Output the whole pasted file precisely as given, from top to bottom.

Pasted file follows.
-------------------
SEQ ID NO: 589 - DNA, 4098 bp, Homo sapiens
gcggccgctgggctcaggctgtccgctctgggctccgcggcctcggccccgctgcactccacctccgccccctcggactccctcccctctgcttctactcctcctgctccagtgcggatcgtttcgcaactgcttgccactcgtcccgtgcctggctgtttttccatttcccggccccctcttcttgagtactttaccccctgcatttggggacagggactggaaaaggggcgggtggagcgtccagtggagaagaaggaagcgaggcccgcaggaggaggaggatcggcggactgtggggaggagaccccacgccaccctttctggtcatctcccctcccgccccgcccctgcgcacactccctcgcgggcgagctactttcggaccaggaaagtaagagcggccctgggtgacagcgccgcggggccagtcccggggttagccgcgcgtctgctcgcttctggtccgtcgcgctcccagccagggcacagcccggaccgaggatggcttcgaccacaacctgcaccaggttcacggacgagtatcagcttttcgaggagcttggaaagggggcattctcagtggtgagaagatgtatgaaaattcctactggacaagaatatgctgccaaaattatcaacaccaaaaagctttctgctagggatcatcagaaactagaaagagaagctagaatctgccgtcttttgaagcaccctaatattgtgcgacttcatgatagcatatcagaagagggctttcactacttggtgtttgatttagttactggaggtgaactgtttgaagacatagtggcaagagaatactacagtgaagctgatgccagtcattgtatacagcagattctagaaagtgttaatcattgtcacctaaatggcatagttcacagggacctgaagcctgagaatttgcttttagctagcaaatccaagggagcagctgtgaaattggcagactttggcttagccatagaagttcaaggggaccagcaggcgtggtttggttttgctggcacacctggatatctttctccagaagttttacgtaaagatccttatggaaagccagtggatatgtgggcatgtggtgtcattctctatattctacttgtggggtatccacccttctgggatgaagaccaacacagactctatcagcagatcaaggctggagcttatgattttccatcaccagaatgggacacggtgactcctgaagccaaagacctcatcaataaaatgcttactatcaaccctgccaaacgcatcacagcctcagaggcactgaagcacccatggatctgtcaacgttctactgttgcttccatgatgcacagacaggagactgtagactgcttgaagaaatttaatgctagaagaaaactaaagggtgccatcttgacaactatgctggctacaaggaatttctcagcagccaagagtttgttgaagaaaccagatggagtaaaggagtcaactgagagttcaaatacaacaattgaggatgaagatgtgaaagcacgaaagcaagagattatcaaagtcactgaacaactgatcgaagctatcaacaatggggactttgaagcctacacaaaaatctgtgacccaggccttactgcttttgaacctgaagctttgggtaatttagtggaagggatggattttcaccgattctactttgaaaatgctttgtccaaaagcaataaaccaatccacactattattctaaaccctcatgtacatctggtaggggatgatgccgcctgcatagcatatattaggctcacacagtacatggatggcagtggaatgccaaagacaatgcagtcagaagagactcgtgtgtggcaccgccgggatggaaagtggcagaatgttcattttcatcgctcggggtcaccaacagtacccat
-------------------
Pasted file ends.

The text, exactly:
SEQ ID NO: 589 - DNA, 4098 bp, Homo sapiens
gcggccgctgggctcaggctgtccgctctgggctccgcggcctcggccccgctgcactccacctccgccccctcggactccctcccctctgcttctactcctcctgctccagtgcggatcgtttcgcaactgcttgccactcgtcccgtgcctggctgtttttccatttcccggccccctcttcttgagtactttaccccctgcatttggggacagggactggaaaaggggcgggtggagcgtccagtggagaagaaggaagcgaggcccgcaggaggaggaggatcggcggactgtggggaggagaccccacgccaccctttctggtcatctcccctcccgccccgcccctgcgcacactccctcgcgggcgagctactttcggaccaggaaagtaagagcggccctgggtgacagcgccgcggggccagtcccggggttagccgcgcgtctgctcgcttctggtccgtcgcgctcccagccagggcacagcccggaccgaggatggcttcgaccacaacctgcaccaggttcacggacgagtatcagcttttcgaggagcttggaaagggggcattctcagtggtgagaagatgtatgaaaattcctactggacaagaatatgctgccaaaattatcaacaccaaaaagctttctgctagggatcatcagaaactagaaagagaagctagaatctgccgtcttttgaagcaccctaatattgtgcgacttcatgatagcatatcagaagagggctttcactacttggtgtttgatttagttactggaggtgaactgtttgaagacatagtggcaagagaatactacagtgaagctgatgccagtcattgtatacagcagattctagaaagtgttaatcattgtcacctaaatggcatagttcacagggacctgaagcctgagaatttgcttttagctagcaaatccaagggagcagctgtgaaattggcagactttggcttagccatagaagttcaaggggaccagcaggcgtggtttggttttgctggcacacctggatatctttctccagaagttttacgtaaagatccttatggaaagccagtggatatgtgggcatgtggtgtcattctctatattctacttgtggggtatccacccttctgggatgaagaccaacacagactctatcagcagatcaaggctggagcttatgattttccatcaccagaatgggacacggtgactcctgaagccaaagacctcatcaataaaatgcttactatcaaccctgccaaacgcatcacagcctcagaggcactgaagcacccatggatctgtcaacgttctactgttgcttccatgatgcacagacaggagactgtagactgcttgaagaaatttaatgctagaagaaaactaaagggtgccatcttgacaactatgctggctacaaggaatttctcagcagccaagagtttgttgaagaaaccagatggagtaaaggagtcaactgagagttcaaatacaacaattgaggatgaagatgtgaaagcacgaaagcaagagattatcaaagtcactgaacaactgatcgaagctatcaacaatggggactttgaagcctacacaaaaatctgtgacccaggccttactgcttttgaacctgaagctttgggtaatttagtggaagggatggattttcaccgattctactttgaaaatgctttgtccaaaagcaataaaccaatccacactattattctaaaccctcatgtacatctggtaggggatgatgccgcctgcatagcatatattaggctcacacagtacatggatggcagtggaatgccaaagacaatgcagtcagaagagactcgtgtgtggcaccgccgggatggaaagtggcagaatgttcattttcatcgctcggggtcaccaacagtacccat